Jake: I just wanted him to stop.

Mom: How did that feel?

Jake: Like I just couldn't stand it any more.

Mom: I hear you. It can be really hard to listen to someone cry. So let me see if I've got this right. When Sam cried for me, it bothered you so much that you just wanted him to stop. You couldn't stand it. You didn't know what to do.

Jake: Yeah.

Mom: And you asked him to stop, and he wouldn't?

Jake: So I punched him.

Mom: I see. What do you think about punching him?

Jake: It was bad.

Mom: Why?

Jake: Because now I get a timeout?

Mom: No, it was bad because it hurt your brother. Did you see how upset he was?

Jake: Yeah.

Mom: I hear you were very upset. But hitting is NEVER okay. I won't let you hurt your brother like that.

Jake: But he has to stop crying when I tell him.

Mom: Did hitting him make him stop crying?

Jake: No.

Mom: So hitting doesn't stop him from crying. It makes him cry more!  I bet you can figure out a better way to handle it when he cries.

Jake: I could go in the other room?

Mom: YES! Great idea! 

Jake: But I was eating lunch. I didn't want to leave.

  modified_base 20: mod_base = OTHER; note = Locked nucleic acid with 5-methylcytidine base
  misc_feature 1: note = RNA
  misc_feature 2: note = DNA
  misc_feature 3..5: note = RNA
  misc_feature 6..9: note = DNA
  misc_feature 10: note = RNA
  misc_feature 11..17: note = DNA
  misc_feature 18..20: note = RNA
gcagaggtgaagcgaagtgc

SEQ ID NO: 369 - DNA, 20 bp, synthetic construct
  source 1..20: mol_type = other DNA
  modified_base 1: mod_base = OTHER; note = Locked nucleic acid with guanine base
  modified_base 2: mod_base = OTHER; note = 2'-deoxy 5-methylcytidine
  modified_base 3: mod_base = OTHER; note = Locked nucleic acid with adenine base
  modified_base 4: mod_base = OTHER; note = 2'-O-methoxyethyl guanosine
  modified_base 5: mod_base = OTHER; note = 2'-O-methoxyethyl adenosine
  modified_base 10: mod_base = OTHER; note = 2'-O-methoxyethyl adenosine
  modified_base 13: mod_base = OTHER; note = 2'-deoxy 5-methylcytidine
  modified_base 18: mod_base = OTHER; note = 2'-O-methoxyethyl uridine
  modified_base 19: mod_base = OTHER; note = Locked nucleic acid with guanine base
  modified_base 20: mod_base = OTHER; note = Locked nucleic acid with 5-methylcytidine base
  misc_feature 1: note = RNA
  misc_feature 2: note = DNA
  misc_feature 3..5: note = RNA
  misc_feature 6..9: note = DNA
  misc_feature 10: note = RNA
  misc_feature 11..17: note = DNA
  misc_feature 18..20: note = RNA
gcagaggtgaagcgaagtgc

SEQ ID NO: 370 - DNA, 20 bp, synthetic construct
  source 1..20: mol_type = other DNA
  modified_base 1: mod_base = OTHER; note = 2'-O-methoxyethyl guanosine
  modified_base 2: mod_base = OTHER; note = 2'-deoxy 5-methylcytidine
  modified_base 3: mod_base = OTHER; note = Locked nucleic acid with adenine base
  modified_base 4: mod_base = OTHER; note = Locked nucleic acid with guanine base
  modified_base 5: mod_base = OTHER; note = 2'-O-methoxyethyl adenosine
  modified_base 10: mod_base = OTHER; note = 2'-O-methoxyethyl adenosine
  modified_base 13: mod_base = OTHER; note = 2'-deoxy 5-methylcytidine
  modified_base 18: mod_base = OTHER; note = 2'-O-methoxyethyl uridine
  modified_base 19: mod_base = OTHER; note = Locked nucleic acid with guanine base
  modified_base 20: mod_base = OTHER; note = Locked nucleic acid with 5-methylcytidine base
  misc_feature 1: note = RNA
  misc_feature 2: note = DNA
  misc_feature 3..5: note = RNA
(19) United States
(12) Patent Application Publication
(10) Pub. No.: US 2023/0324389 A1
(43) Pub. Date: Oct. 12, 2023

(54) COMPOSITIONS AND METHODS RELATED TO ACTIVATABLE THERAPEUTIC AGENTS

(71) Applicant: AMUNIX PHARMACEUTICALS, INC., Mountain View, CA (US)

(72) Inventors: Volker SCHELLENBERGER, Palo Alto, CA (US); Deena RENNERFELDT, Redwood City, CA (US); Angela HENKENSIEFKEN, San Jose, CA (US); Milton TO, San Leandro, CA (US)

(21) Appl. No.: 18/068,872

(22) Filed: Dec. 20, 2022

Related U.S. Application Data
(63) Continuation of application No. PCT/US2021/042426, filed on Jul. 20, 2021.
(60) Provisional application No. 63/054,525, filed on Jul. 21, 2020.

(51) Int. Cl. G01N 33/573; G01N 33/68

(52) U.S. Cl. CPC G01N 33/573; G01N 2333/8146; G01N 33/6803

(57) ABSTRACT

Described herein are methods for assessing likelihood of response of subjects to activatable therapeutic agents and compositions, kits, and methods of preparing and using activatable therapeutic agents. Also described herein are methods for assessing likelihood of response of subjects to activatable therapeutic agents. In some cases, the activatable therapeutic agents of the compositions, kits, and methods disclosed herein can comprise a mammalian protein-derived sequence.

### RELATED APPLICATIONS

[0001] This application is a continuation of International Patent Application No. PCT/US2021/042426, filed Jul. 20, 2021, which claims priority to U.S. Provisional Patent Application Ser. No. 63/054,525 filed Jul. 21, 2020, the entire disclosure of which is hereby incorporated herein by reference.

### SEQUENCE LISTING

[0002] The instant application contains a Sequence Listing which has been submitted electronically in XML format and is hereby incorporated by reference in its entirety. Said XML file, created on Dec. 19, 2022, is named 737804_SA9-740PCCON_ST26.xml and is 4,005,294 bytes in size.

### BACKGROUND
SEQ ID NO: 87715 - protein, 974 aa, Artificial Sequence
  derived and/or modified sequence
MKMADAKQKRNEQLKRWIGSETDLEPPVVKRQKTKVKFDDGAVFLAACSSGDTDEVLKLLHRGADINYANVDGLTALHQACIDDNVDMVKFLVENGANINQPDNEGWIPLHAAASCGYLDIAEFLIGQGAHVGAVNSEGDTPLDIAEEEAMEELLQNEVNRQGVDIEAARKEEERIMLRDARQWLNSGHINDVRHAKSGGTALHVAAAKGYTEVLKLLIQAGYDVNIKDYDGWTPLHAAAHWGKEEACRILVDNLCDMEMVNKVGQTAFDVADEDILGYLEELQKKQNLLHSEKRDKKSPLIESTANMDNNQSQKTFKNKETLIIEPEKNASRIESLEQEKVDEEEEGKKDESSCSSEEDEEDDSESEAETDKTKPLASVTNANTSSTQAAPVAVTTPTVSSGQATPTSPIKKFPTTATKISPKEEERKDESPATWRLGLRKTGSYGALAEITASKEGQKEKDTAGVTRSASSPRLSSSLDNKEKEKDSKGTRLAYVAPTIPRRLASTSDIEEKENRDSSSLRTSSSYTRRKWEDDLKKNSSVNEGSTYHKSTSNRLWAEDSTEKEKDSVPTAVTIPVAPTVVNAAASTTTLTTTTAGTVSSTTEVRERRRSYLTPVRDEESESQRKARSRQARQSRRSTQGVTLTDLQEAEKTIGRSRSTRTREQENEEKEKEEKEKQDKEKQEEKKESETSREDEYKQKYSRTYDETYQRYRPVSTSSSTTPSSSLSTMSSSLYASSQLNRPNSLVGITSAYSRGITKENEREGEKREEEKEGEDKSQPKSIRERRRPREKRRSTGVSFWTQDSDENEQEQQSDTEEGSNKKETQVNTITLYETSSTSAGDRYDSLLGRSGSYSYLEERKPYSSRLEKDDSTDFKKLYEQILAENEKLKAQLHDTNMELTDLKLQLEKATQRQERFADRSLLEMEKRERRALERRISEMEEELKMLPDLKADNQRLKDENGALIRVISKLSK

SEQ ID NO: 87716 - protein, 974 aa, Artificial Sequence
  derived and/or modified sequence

Mom: Of course. I understand. And I hear that you really don't like it when Sam cries. That's really hard for you. But Sam is allowed to cry. What else can you do when he cries, if it bothers you—besides leave the room or hit him?

Jake: I don't know.

Mom: Could you help him feel better?

Jake: You mean hug him?

Mom: Sure, that's a great idea! Do you think that would help?

Jake: Not when he really wants you.

Mom: Could you tell him I'll be right back?

Jake: I did. It didn't help.

Mom: Good for you for trying that! I guess he was just really upset. What about helping him find me?

Jake: You mean come outside?

Mom: Well, you're tall and strong now. You can open the back door. And your voice is loud. Do you think you could be like a superhero, and open the door and call for me and save the day?

Jake: Yes, I can call you super loud! 

Mom: And do you think you could hold Sam's hand, so he is less upset?

Jake: I guess so. But not if he's crying too loud. I can't stand that.

Mom: I see what you mean. So maybe you could help Sam feel better by holding his hand, and telling him that I will be right back, and hugging him.... but if that didn't work, you could call for me?

Jake: Yes! Will you come when I call?

Mom: I will always come when you call. I am always there to help you and Sam. (Hugs him.) Do you think you can remember this next time Sam cries?